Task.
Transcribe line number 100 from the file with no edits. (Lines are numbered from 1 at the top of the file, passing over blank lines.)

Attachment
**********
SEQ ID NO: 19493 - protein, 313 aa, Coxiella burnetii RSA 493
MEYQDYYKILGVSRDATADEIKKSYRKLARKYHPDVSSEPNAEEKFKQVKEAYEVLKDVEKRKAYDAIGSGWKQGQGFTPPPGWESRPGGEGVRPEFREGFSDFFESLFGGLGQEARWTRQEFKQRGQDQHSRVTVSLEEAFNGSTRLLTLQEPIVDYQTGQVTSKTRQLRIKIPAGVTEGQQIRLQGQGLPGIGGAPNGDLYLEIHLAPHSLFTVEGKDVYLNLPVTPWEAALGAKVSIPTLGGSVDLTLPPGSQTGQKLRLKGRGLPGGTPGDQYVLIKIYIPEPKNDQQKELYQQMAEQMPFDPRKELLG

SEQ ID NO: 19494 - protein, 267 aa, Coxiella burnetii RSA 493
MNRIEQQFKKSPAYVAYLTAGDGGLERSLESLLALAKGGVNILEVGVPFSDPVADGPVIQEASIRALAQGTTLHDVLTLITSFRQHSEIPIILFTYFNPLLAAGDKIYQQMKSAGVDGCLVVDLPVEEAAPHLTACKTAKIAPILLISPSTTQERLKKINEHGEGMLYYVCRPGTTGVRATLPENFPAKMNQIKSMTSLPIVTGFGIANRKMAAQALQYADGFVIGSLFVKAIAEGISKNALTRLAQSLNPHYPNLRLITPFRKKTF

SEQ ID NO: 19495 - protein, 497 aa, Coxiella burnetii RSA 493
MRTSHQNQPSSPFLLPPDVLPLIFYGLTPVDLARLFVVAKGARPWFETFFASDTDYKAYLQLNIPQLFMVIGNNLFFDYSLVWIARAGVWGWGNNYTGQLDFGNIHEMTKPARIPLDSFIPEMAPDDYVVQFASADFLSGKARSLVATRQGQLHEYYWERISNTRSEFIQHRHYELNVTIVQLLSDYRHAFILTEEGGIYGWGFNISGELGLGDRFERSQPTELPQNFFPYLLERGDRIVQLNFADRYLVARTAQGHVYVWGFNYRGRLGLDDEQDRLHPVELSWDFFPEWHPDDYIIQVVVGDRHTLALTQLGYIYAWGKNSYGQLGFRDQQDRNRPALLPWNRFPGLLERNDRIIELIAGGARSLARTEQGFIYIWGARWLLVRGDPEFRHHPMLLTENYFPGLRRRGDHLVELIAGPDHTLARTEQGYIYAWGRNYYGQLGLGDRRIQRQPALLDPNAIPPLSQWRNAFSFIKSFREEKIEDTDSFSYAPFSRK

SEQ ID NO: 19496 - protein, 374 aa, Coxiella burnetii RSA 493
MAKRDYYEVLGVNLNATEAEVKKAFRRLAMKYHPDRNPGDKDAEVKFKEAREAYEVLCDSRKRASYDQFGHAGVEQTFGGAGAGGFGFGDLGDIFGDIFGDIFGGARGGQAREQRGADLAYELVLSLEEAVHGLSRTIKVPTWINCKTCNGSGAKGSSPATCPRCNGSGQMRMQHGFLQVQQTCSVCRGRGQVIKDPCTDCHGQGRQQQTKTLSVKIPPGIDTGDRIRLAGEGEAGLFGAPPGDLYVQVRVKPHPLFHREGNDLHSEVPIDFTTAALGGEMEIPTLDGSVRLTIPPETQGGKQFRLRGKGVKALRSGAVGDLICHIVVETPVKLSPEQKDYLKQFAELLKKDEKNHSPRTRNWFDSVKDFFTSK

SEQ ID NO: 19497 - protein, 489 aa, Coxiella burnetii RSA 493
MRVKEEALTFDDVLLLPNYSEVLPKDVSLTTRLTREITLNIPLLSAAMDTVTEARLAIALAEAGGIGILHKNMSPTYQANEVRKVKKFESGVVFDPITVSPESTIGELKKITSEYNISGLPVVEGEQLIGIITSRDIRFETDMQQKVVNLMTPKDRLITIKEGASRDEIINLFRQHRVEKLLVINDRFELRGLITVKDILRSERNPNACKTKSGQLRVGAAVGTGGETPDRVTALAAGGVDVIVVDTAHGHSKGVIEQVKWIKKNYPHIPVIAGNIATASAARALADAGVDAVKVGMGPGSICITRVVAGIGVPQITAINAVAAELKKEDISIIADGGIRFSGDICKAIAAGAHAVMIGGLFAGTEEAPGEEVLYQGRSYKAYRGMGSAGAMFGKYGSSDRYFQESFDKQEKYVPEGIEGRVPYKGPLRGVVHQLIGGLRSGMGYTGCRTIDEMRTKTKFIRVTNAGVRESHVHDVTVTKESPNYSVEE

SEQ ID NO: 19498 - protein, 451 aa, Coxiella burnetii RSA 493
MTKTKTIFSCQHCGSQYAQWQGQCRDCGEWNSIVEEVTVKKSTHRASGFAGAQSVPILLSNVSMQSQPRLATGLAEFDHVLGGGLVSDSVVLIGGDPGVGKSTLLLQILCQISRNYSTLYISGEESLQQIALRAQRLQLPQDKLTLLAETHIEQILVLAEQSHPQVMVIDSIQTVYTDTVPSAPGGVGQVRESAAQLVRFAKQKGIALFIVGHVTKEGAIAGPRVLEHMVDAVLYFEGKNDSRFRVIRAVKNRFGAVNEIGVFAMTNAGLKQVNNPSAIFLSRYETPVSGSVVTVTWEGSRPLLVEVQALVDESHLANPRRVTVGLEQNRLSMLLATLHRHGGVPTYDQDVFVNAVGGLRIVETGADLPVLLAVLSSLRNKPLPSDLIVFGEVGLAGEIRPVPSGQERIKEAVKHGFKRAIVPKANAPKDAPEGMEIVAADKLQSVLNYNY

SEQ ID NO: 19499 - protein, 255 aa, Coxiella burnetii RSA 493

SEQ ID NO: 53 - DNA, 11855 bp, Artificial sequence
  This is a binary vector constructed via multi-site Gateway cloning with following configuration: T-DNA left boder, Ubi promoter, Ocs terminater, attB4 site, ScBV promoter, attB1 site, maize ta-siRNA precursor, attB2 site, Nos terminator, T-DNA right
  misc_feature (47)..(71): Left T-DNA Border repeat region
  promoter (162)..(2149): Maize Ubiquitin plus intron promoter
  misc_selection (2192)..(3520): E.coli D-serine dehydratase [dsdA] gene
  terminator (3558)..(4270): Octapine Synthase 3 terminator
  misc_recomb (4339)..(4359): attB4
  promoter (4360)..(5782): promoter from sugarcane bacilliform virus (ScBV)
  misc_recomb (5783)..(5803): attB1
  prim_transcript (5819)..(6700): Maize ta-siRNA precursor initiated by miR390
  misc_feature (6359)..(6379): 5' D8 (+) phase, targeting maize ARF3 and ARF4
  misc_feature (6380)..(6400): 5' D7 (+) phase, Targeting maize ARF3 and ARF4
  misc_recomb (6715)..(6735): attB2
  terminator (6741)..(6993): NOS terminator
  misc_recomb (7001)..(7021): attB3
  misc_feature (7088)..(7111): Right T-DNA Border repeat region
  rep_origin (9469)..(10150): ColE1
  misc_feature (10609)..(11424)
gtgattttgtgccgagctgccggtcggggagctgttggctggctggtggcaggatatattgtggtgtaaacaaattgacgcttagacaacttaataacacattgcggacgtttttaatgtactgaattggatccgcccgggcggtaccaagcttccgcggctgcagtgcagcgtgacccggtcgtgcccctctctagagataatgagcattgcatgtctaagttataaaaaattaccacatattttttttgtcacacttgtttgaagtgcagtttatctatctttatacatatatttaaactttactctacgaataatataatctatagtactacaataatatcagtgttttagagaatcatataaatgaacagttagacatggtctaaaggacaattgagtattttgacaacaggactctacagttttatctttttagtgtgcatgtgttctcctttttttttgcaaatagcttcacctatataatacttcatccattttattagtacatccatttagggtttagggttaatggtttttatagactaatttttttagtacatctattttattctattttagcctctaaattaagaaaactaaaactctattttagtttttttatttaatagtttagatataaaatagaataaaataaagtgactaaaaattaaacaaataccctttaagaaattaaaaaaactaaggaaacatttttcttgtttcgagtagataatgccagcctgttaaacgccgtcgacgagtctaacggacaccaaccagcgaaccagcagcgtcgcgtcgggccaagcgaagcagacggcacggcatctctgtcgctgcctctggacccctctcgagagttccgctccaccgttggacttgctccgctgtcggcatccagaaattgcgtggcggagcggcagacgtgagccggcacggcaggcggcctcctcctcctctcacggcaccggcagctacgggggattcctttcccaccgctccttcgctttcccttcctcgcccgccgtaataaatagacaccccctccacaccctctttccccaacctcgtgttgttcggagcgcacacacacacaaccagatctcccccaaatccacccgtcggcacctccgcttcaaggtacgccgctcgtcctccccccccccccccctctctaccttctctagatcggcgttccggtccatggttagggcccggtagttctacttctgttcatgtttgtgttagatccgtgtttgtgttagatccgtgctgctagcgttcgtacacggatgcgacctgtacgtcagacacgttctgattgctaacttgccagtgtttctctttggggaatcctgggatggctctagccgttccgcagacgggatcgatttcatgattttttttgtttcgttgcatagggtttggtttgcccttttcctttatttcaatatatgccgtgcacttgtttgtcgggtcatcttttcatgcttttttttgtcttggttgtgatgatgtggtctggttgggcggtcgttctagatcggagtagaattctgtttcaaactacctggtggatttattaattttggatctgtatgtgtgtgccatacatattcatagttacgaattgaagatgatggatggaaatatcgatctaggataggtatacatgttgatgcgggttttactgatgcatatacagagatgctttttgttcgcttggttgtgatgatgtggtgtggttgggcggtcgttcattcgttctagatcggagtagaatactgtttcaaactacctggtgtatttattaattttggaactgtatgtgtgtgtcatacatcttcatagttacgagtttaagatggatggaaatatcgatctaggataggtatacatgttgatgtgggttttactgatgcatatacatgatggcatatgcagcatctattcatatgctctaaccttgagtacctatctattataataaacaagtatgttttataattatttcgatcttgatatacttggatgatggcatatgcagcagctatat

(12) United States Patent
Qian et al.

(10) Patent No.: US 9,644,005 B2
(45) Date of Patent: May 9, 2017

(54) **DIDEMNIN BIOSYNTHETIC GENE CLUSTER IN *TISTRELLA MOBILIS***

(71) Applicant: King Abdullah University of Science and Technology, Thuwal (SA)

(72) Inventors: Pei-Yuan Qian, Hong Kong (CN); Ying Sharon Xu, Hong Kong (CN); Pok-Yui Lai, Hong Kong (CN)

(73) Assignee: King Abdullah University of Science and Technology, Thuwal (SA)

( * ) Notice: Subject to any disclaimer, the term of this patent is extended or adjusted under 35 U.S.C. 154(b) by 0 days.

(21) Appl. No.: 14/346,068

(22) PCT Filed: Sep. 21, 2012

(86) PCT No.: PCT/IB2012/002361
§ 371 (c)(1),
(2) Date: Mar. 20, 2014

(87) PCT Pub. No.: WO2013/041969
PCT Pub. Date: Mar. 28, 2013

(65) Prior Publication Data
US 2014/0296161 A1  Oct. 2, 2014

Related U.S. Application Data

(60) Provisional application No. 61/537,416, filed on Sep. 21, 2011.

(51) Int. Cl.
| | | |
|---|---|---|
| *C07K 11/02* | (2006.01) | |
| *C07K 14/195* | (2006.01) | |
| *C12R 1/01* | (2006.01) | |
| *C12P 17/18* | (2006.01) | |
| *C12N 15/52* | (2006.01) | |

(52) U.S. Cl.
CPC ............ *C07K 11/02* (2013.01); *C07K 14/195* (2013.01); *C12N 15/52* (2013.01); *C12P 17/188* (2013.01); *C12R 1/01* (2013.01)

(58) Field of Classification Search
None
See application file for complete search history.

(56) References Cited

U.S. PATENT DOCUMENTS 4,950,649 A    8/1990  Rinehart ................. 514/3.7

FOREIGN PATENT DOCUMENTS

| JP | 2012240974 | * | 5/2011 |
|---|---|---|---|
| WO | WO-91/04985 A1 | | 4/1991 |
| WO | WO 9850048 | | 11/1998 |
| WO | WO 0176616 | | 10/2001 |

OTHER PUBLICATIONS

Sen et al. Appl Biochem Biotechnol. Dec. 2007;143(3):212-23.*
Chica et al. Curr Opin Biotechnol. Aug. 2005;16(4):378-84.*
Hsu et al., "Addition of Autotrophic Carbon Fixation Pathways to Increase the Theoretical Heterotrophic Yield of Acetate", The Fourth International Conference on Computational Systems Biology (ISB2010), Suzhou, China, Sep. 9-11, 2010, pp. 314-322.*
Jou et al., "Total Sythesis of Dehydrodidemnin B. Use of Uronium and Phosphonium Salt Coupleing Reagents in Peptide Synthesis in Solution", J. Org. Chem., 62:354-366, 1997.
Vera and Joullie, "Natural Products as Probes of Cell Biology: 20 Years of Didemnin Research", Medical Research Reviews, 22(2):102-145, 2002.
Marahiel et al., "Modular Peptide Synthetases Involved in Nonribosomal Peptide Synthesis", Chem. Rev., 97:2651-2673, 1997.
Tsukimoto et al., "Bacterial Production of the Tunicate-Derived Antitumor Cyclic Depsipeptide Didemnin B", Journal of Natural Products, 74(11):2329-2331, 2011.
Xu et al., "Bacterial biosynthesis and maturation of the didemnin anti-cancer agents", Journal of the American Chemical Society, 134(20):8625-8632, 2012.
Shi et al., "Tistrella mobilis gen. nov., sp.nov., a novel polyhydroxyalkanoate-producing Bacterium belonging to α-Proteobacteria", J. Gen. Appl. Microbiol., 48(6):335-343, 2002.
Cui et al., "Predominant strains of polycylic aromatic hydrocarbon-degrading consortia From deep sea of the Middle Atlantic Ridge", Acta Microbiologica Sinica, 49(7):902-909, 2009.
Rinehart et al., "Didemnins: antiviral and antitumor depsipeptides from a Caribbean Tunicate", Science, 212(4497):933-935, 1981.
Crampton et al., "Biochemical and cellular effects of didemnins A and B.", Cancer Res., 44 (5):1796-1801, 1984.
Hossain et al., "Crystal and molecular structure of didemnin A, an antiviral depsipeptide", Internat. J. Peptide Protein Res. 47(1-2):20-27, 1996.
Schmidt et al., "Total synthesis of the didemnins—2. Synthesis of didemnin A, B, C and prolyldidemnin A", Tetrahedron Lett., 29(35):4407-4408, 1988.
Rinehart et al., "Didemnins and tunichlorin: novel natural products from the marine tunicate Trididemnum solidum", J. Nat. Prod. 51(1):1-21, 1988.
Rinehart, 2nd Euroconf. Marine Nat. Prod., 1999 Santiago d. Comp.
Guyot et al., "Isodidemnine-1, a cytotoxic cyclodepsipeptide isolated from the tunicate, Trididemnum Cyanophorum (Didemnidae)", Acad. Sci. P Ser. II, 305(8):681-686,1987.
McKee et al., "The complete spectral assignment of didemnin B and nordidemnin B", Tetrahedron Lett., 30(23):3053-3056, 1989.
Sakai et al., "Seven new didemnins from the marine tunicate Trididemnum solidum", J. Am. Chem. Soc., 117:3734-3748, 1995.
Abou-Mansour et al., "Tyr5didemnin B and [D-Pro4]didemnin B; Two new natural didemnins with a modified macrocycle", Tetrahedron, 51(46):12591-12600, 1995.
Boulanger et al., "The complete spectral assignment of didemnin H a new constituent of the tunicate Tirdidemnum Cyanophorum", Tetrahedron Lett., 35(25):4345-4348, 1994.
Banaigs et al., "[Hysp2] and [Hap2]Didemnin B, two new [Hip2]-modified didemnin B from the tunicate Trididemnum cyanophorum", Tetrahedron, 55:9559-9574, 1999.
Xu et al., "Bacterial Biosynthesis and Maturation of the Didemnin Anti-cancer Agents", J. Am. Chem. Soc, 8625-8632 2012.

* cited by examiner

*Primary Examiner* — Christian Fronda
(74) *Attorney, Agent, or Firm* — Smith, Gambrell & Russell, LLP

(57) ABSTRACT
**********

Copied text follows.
(74) *Attorney, Agent, or Firm* — Smith, Gambrell & Russell, LLP